Not so Sweet-Itch: Advice on how to manage and treat Sweet Itch

 - 6 min read

From our little Shetlands to our gentle giants we all want to know one thing. What really works for sweet itch? At the end of the day there is no set answer. So what tricks and treatments work best?

Here are some top tips I have found when treating and dealing with sweet itch during those hot summer months. But first…

What is Sweet Itch?

Sweet itch is a skin allergy caused by flies and midges in certain equines. The allergic reaction specifically occurs under the skin as the horse’s immune system is trying to fight against the midge’s saliva. This reaction causes the itching and irritation. A few common signs to look out for are:

Scratching – I know scratching it very common in horses, well any animal to be honest, but this is a different style of scratching. It is constant, they will be trying to scratch their tail/bum and their neck/mane area on anything they can. They will start to rub it till it's raw and inflamed, it’s highly likely that there will be hair loss.

Discomfort in the field – a constant rolling trying to scratch and itch their head/ears/mane with their hind hoof. Not looking very settled in the field and looking very lethargic with not much get up and go in them.

Change in behaviour – I always find that my sweet itch pony is very grumpy the more the midges come out during the season. Excessive grooming between horses/field companions. Lots of head shaking and tail swishing to get insects away and kicking of the belly with their back legs to get insects out from underneath them.

Treatments

Sweet itch rugs

It’s all well and good buying a fly rug but what you really need is a sweet itch rug. The reason is fly rugs aren’t great for sweet itch is because most are made from mesh. Mesh allows the flies and midges to get in and bite at the horses which is what causes the reaction. Some things you want to look out for when buying a sweet itch rug are:

Always make sure that it covers as much as possible. The main places a horse suffers from sweet itch is up their neck and bum/tail area. So, when looking for a sweet itch rug you want one that covers up to their ears/pole and isn’t too short on the bum as to expose it. I would recommend this sweet itch rug: 

Shires Highlander Plus Sweet-itch Combo Rug

It covers all needed areas, is light and airy which is great for a sweet itch horse as sweating makes the skin itch more. It has a belly fasten so you haven’t got to worry about the velcro coming off and exposing the stomach like some sweet itch rugs do when our equines put on a little weight.

Getting a ride on fly rug is also great to keep the flies off whilst being ridden too!

Supplements

Ensuring your horse is fighting sweet itch from the inside out is another good thing! Brewers yeast, while not commonly known for its sweet itch powers, is a good little feeder as it is linked in with soothing skin discomfort.

Omega Brewers Yeast 1kg

Another good feeder is garlic. Garlic helps within the horse by stimulating the immune system, plus the smell is enough to keep flies away on its own! My personal favourite to use is the granules, not for any other reason than the fact of its less messy than the powder when using the scoops. No one wants to go into work filled with non-horse people with a “questionable" horse smell.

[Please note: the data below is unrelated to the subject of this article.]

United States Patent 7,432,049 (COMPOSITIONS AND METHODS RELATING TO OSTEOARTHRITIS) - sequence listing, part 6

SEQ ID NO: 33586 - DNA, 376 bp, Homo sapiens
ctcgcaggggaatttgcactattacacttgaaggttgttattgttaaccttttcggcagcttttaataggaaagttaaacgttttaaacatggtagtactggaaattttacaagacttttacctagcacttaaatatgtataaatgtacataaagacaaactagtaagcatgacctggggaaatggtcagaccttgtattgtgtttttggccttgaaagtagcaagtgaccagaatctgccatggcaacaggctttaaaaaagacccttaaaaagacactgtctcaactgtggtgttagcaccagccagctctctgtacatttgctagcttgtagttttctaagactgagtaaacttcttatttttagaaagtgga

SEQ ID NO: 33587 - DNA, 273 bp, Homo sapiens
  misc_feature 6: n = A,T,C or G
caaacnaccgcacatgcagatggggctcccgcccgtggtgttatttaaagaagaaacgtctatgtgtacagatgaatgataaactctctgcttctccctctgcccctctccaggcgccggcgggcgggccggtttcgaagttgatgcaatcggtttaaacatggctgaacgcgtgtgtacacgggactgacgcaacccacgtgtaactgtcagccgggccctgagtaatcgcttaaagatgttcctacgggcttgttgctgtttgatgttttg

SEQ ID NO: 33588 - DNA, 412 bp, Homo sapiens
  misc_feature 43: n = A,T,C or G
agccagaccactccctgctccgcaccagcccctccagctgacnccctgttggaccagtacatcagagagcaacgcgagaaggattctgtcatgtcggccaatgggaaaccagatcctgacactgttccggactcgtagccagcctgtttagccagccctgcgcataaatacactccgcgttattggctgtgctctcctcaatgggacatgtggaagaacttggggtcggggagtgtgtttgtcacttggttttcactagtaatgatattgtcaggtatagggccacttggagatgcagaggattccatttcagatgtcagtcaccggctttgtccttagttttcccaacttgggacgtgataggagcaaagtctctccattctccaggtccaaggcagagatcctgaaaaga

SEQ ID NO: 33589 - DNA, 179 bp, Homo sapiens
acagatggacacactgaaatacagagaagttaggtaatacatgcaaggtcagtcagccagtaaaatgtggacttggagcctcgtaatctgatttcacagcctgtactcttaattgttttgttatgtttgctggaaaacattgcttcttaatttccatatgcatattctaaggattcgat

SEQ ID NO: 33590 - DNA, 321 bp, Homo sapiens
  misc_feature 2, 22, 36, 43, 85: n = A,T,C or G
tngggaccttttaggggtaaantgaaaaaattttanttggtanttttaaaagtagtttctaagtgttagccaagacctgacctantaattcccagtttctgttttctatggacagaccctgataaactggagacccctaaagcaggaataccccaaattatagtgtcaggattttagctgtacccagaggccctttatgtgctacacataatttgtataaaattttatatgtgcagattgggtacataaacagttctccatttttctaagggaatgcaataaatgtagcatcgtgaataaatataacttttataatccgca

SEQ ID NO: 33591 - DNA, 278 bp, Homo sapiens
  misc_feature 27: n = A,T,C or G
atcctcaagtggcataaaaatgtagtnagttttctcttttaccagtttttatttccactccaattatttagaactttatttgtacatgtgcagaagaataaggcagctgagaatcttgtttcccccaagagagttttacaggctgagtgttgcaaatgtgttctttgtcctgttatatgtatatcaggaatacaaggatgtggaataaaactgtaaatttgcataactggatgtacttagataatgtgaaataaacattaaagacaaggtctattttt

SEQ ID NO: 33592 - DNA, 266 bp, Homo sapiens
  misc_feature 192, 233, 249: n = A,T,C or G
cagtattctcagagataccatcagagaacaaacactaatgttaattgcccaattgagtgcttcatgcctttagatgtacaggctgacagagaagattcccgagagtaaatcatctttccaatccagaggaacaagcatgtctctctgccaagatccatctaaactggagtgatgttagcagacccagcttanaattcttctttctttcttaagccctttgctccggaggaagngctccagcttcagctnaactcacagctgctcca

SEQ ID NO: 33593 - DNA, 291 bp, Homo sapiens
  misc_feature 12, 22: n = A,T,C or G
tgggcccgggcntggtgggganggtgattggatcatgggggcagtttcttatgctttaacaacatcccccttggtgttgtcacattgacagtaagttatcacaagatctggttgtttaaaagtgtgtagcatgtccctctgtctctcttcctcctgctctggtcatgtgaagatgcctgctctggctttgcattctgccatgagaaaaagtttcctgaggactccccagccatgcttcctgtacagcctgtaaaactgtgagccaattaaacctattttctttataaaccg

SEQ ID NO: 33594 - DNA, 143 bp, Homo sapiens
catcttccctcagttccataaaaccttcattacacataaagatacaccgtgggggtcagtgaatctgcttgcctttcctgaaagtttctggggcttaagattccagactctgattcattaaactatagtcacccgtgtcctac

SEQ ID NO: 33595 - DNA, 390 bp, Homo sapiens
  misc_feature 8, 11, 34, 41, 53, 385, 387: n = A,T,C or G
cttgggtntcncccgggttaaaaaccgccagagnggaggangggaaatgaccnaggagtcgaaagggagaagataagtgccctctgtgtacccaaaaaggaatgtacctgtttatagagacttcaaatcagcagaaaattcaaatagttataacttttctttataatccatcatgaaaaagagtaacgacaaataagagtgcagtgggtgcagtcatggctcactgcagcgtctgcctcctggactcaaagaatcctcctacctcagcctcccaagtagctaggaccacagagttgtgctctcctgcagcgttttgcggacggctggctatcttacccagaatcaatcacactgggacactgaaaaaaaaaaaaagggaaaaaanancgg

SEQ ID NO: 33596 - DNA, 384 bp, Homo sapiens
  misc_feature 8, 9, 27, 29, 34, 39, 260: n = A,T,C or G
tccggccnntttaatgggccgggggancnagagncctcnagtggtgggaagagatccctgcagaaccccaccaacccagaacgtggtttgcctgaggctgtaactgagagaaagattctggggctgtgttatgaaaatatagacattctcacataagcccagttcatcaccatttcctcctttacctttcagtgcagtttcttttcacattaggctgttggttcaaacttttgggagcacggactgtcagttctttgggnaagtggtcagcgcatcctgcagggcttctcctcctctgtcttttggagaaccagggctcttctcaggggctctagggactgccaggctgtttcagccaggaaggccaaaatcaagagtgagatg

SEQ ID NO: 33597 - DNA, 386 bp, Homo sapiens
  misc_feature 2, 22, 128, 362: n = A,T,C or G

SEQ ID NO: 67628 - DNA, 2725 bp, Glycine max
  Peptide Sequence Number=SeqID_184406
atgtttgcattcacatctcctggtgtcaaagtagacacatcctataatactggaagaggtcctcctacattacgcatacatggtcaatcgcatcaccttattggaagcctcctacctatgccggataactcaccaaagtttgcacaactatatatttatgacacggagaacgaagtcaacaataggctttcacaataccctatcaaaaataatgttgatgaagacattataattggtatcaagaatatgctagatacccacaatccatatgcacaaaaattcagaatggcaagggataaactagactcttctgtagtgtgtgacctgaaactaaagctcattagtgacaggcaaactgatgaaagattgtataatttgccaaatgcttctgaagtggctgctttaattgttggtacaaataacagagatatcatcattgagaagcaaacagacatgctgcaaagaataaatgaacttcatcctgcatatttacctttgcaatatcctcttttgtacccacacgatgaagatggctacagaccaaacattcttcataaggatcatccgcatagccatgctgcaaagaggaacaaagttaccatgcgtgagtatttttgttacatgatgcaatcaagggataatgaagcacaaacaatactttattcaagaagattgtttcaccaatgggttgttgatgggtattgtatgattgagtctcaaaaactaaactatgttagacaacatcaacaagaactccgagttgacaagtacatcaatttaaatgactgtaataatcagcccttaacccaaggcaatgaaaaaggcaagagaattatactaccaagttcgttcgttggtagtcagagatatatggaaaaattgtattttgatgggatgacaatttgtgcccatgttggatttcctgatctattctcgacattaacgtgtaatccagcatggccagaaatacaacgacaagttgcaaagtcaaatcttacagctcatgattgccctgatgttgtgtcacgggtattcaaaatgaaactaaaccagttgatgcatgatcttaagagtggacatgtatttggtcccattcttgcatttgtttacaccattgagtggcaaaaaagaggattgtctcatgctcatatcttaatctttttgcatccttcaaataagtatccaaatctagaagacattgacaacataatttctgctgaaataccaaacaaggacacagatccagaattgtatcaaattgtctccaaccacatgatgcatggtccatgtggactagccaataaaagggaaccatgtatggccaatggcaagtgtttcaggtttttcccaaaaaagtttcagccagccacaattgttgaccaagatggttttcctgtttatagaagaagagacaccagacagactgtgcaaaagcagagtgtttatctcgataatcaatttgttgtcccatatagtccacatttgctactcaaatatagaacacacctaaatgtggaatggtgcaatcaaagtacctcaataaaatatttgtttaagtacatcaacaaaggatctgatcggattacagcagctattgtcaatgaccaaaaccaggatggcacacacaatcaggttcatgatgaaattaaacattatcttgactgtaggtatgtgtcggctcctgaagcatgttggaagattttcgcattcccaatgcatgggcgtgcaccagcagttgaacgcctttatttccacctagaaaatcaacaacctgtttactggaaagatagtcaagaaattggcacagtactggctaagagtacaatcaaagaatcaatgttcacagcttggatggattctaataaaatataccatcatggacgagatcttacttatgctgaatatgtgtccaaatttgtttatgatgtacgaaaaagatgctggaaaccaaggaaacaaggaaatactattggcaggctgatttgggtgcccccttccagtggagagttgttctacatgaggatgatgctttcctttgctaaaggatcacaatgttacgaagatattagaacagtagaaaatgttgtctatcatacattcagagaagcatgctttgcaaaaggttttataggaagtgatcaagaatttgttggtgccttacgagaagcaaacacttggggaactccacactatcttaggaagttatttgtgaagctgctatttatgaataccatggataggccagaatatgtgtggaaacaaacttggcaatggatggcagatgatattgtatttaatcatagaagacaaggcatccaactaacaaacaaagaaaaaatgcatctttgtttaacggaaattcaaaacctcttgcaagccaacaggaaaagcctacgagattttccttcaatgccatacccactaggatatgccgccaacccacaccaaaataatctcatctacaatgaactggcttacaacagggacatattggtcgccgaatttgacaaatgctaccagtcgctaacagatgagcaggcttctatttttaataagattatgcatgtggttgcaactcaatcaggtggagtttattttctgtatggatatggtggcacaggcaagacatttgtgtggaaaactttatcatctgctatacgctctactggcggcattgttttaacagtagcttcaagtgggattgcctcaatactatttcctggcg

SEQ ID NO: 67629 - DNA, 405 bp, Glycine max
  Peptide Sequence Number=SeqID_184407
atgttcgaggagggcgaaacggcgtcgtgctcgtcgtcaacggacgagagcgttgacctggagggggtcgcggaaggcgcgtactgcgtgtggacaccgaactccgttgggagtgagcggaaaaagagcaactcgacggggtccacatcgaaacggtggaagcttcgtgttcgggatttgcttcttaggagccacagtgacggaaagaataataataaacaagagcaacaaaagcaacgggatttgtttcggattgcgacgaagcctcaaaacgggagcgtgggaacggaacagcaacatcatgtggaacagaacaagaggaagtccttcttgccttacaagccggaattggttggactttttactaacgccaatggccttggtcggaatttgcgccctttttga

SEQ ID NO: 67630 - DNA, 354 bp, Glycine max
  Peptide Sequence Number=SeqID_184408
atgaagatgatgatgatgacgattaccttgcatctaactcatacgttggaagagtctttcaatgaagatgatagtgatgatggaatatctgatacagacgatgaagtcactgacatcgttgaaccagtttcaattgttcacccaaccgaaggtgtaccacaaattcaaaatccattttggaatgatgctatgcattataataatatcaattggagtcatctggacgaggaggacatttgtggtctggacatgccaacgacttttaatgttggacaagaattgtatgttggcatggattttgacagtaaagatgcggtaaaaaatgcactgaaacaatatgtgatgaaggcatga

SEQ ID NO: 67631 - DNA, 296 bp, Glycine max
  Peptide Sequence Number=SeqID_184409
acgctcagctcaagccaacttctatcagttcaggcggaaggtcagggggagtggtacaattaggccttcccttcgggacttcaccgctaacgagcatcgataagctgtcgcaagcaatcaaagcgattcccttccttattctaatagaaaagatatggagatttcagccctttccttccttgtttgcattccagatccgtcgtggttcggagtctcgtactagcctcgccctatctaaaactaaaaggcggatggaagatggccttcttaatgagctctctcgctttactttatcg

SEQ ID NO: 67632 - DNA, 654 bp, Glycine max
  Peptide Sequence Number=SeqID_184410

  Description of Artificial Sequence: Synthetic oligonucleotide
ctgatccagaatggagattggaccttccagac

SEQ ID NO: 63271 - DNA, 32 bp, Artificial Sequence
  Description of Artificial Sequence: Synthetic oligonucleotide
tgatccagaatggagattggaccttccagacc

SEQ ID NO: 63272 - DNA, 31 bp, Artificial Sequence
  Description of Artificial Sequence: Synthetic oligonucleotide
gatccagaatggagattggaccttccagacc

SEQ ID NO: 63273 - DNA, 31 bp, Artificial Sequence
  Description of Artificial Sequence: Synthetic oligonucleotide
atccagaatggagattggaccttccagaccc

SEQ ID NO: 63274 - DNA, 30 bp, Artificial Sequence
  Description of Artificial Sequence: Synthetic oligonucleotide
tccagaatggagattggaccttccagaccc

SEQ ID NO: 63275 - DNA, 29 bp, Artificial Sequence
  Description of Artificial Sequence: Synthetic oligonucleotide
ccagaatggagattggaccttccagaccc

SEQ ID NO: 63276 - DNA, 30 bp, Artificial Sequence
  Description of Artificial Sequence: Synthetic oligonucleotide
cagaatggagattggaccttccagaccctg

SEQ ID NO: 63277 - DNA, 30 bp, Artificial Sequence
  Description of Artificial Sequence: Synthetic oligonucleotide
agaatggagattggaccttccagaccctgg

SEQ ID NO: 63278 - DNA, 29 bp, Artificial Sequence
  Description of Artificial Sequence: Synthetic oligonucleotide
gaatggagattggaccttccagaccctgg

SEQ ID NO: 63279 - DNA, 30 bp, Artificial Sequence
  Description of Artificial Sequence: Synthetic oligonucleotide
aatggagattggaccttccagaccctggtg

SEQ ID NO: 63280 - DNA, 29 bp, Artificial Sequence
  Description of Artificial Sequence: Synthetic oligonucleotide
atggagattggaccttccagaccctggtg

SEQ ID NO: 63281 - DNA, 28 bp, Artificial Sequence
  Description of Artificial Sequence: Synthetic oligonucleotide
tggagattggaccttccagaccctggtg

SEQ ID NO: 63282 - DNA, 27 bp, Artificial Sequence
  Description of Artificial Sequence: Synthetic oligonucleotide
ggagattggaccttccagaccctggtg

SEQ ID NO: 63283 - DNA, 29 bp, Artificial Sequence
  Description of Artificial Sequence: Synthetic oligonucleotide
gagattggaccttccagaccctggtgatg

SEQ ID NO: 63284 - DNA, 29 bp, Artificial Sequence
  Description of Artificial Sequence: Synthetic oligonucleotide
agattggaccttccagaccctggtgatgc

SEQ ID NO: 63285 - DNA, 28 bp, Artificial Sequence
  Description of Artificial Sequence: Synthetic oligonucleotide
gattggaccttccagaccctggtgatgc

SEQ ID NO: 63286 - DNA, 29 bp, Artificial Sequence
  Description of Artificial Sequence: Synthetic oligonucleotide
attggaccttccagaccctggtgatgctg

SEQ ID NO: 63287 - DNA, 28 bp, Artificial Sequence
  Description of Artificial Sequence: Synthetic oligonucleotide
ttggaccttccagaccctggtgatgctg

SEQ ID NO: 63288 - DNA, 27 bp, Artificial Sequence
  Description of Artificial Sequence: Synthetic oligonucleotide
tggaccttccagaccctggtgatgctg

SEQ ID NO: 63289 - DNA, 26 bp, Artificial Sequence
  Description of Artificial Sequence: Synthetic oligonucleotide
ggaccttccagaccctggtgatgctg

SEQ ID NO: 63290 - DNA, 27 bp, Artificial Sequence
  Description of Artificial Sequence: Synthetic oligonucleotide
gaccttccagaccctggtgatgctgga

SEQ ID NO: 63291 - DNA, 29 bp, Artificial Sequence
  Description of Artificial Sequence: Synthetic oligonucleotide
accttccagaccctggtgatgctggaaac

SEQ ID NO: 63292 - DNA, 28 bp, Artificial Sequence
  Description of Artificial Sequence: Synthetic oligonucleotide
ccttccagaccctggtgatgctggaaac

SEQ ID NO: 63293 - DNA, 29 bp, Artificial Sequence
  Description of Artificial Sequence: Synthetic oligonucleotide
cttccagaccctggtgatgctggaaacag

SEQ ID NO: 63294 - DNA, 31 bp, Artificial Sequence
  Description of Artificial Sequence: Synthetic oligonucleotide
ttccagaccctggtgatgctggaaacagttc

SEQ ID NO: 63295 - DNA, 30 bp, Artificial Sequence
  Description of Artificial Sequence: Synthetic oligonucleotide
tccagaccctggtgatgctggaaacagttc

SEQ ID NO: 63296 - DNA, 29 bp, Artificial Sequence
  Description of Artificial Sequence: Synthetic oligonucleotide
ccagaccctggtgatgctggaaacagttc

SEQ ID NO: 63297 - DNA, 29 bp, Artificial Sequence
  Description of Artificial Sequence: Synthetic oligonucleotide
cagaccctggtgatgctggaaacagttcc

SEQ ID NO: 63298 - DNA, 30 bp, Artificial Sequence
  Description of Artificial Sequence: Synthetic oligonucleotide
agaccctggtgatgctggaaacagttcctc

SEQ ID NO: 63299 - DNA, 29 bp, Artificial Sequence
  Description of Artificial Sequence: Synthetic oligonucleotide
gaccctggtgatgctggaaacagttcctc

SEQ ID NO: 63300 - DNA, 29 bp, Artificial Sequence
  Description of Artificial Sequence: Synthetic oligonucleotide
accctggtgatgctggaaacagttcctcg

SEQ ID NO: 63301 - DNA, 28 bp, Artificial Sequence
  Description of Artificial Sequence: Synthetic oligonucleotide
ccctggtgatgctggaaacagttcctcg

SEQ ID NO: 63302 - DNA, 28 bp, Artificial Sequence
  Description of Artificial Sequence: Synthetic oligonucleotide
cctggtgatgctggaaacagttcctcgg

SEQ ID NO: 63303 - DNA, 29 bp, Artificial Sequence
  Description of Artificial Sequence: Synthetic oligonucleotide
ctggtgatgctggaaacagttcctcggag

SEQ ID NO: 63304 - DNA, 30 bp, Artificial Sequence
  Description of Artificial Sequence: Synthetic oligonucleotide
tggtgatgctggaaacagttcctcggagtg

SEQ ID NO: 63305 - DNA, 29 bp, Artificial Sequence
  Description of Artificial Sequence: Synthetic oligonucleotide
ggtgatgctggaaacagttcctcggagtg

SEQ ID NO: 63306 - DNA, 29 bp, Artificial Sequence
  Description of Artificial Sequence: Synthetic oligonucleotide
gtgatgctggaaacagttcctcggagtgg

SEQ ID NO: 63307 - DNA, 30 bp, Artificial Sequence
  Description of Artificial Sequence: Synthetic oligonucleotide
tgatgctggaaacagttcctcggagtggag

NAF Garlic Granules

Fly repellent

I have moved yards a few times with my horses and always found that different fly sprays work better in a different environment. My all-time favourite which I find helps keep them off for longer is the NAF Off Deet. A bonus with this product is if your horse doesn’t like sprays, they also do a gel as well! The gel is great to use on ears, the side of the face as well as inside the back legs. It is a great spray but to give it that little extra kick I like to put in a cap full of citronella (and a cap full of "stop the itch" for my sweet itch pony) to give it that extra power, not that it needs it.

NAF Off Deet Power Gel

NAF Off Deet Power

Regular Bathing

Regular bathing is key. Putting so many different products on them to stop the itch is great but after a while, you will find you get an oily/greasy film around the areas where you have applied the products. Once a week/once every 2 weeks give them a gentle bath. It will help stop that oily film forming on the horse's coat. After a bath, I like to put a soothing gel on so as they are drying the itch doesn't come back as soon and aloe vera is great for that. If there are no sores or they are doing quite well itching wise then I like to put on just a regular soothing summer cream just to keep the flies off. 

Barrier Aloe Vera Soothing Gel

During the days you don’t have time to give your horse a bath after riding or on a hot sweaty day I swear by this. This is the best thing I've ever come across and it really does work. To try it I put it on myself and instantly it cooled me right down and when putting it on my horse I almost heard him sigh with relief with him cooling down. It's quick and simple, all you need is a bucket of water and a sponge and just give them a quick wipe down, it makes all the difference

NAF Cooling Wash

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Got any questions or just need some horsey advice? Comment down below 👇 or send us an email we’d be happy to help with your Sweet itch problems.